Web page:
A lottery is an arrangement in which prizes are allocated by a random process. These prizes are typically money or goods. There are many different types of lotteries. Some are used for military conscription, commercial promotions in which property is given away, and the selection of jury members. To be considered a lottery, however, it is essential that payment of a consideration must be made for the chance to win. The history of lotteries is long and varied. It is possible to trace them back as far as ancient times. The Old Testament instructed Moses to take a census of the people and divide land by lot, while Roman emperors frequently gave away slaves and property as part of Saturnalian feasts and other entertainments. In colonial America, lots played a major role in the financing of roads, canals, churches, libraries, colleges, and other public works.
Whether or not you’ve ever played the lottery, you have probably heard the phrase “Life is like a lottery.” The idea behind this is that there are a limited number of ways to achieve true wealth and that success in any particular area is almost completely dependent on luck. While this might be true in some cases, it’s also important to understand that achieving true wealth is not impossible. The key is identifying the best opportunities and working hard to maximize them. Here are a few tips to help you make the most of your chances of winning the lottery.
First, choose the numbers carefully. The odds of winning a lottery are much higher when you pick a group of singletons instead of repeating numbers. To do this, look for the “random” outside numbers that repeat on your ticket and then pay attention to the spaces where those digits don’t appear at all. These are the ones you should mark as singletons, and a cluster of them usually signals a winning card 60-90% of the time.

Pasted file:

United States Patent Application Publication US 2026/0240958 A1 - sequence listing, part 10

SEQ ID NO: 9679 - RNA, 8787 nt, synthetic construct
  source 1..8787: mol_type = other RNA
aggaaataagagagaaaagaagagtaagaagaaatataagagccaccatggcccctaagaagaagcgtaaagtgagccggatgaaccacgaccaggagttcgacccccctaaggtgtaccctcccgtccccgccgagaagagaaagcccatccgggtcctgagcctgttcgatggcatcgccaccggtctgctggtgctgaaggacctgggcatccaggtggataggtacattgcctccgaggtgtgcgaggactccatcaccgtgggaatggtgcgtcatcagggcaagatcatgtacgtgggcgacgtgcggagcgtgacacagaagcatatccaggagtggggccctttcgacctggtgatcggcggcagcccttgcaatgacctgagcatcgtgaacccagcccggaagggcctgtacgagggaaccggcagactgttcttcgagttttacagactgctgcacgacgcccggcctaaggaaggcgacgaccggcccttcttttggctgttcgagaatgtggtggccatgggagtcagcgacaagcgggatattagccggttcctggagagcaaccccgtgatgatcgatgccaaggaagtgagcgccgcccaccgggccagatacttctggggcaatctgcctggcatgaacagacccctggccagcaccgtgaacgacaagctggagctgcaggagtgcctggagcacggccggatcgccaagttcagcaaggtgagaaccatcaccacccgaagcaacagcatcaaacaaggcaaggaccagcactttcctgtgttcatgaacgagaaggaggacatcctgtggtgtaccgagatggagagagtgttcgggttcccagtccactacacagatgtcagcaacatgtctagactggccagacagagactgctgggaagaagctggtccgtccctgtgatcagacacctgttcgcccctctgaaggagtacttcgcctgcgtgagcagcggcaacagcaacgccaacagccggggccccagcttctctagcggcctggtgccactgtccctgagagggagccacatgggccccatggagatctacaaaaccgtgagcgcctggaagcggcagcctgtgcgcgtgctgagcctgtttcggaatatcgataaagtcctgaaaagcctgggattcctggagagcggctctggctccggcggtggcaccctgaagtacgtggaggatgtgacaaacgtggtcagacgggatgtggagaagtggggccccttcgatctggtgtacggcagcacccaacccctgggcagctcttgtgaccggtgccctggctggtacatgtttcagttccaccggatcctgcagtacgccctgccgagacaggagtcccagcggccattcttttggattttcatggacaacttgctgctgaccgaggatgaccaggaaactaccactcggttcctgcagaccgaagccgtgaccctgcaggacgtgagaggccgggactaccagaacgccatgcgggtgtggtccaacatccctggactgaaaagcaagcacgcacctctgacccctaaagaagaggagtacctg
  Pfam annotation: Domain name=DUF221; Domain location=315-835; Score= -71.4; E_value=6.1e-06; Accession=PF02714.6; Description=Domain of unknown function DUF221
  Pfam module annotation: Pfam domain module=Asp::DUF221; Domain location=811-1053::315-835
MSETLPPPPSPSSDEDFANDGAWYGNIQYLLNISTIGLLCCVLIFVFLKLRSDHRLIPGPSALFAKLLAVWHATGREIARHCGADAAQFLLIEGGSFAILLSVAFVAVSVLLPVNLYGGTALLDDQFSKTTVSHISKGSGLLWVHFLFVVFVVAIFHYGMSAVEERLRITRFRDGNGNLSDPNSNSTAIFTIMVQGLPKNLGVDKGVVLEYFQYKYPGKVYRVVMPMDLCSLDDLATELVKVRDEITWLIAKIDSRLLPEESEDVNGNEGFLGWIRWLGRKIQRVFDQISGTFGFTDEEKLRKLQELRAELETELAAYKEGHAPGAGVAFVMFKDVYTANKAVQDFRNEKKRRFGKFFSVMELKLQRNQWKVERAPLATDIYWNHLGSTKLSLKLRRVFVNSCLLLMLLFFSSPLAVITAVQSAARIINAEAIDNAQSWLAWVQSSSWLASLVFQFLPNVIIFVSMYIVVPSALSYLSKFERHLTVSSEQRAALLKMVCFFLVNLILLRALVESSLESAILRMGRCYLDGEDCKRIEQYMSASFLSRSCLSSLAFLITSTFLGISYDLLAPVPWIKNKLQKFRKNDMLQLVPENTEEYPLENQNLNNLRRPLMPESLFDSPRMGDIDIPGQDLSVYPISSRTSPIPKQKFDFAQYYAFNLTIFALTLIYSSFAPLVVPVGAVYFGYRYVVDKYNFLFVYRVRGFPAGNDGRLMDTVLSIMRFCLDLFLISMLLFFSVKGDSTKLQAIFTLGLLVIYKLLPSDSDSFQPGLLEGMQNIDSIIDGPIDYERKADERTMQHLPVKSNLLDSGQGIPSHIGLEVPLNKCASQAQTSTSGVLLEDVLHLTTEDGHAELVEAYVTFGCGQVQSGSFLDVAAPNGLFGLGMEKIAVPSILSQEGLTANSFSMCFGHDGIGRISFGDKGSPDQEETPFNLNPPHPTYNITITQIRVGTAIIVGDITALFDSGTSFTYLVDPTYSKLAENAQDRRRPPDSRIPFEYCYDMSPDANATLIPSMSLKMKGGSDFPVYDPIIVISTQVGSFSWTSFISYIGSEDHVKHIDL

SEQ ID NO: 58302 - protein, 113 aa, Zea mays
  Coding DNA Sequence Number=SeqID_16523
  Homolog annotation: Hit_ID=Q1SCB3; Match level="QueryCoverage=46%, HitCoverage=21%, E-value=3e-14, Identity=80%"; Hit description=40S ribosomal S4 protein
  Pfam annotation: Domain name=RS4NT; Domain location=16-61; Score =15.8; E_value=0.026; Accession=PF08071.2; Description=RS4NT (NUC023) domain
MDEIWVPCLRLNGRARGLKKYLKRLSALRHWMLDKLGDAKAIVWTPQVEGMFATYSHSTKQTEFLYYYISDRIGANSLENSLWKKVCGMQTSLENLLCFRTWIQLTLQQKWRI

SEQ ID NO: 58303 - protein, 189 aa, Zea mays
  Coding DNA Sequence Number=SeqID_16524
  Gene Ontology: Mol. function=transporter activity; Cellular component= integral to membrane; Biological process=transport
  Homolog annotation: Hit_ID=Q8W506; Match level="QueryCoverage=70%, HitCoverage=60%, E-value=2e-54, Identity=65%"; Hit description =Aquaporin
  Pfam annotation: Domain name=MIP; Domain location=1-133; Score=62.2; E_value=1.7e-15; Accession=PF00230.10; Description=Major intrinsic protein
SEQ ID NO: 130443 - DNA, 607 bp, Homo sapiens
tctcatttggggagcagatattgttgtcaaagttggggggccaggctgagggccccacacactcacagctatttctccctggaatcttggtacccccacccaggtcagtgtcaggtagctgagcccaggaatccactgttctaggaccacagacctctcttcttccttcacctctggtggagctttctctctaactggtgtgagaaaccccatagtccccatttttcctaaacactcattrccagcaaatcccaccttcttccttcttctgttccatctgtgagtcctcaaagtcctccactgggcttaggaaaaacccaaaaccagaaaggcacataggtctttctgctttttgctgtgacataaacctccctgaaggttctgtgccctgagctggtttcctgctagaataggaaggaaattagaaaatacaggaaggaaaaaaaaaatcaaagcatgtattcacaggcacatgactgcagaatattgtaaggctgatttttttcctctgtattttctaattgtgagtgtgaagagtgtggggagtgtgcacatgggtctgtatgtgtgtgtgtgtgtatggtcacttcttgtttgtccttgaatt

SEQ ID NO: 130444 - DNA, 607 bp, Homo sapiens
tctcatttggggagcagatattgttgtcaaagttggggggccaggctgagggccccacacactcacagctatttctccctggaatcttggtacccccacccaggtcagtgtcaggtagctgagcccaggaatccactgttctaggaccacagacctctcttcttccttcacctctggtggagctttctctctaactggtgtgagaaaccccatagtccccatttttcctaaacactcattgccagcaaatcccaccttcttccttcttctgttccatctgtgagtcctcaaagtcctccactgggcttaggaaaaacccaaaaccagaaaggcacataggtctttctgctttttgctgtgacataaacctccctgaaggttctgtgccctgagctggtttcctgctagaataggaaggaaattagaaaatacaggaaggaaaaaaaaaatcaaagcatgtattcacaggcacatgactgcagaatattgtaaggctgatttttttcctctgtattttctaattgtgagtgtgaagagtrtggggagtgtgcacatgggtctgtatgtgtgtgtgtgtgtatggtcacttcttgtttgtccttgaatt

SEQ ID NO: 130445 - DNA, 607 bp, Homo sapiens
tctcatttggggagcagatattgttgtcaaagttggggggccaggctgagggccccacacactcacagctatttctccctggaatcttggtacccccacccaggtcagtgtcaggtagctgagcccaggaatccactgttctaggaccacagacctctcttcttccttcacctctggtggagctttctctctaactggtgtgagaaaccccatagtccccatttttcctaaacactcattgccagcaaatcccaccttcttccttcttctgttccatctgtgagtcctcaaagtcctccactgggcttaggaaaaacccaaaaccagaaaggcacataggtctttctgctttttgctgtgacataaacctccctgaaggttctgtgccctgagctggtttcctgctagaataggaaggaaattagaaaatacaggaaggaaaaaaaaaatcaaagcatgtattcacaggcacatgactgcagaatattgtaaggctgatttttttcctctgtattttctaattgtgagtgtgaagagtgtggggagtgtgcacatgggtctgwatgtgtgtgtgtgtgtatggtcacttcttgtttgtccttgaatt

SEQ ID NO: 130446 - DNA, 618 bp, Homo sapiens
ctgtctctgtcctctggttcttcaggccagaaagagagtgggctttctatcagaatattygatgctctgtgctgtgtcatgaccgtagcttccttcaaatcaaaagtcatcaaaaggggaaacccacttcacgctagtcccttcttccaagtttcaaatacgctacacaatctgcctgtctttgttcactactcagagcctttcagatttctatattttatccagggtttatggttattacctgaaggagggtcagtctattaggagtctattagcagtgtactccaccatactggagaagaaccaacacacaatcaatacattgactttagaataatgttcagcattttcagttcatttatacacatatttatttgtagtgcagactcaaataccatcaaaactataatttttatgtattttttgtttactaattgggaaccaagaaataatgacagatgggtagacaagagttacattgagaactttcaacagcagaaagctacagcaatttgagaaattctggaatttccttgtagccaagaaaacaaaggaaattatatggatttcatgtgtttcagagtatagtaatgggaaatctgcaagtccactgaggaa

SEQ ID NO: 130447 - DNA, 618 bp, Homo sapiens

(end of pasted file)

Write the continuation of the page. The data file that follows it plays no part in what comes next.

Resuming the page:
Second, study the odds of each prize. You can find this information on the official lottery website or by looking at the odds on your ticket. Generally speaking, the higher the prize amount, the lower the odds of winning. However, there are a few exceptions to this rule, so be sure to read the fine print on your ticket before making any decisions.
Third, research the previous results of each lottery. This will give you an idea of how often each number or group of numbers is won, and it can also help you spot trends in the game. This is especially helpful if you’re new to the lottery or haven’t won in a while. It’s important to remember, though, that no one set of numbers is luckier than another, and that your odds of winning don’t increase based on how long you play.
Finally, if you’re in a rush or just don’t want to spend the time researching the odds of winning, most modern lotteries allow you to let a computer randomly select your numbers for you. This will save you some time but may not be as accurate as a careful selection of your own numbers.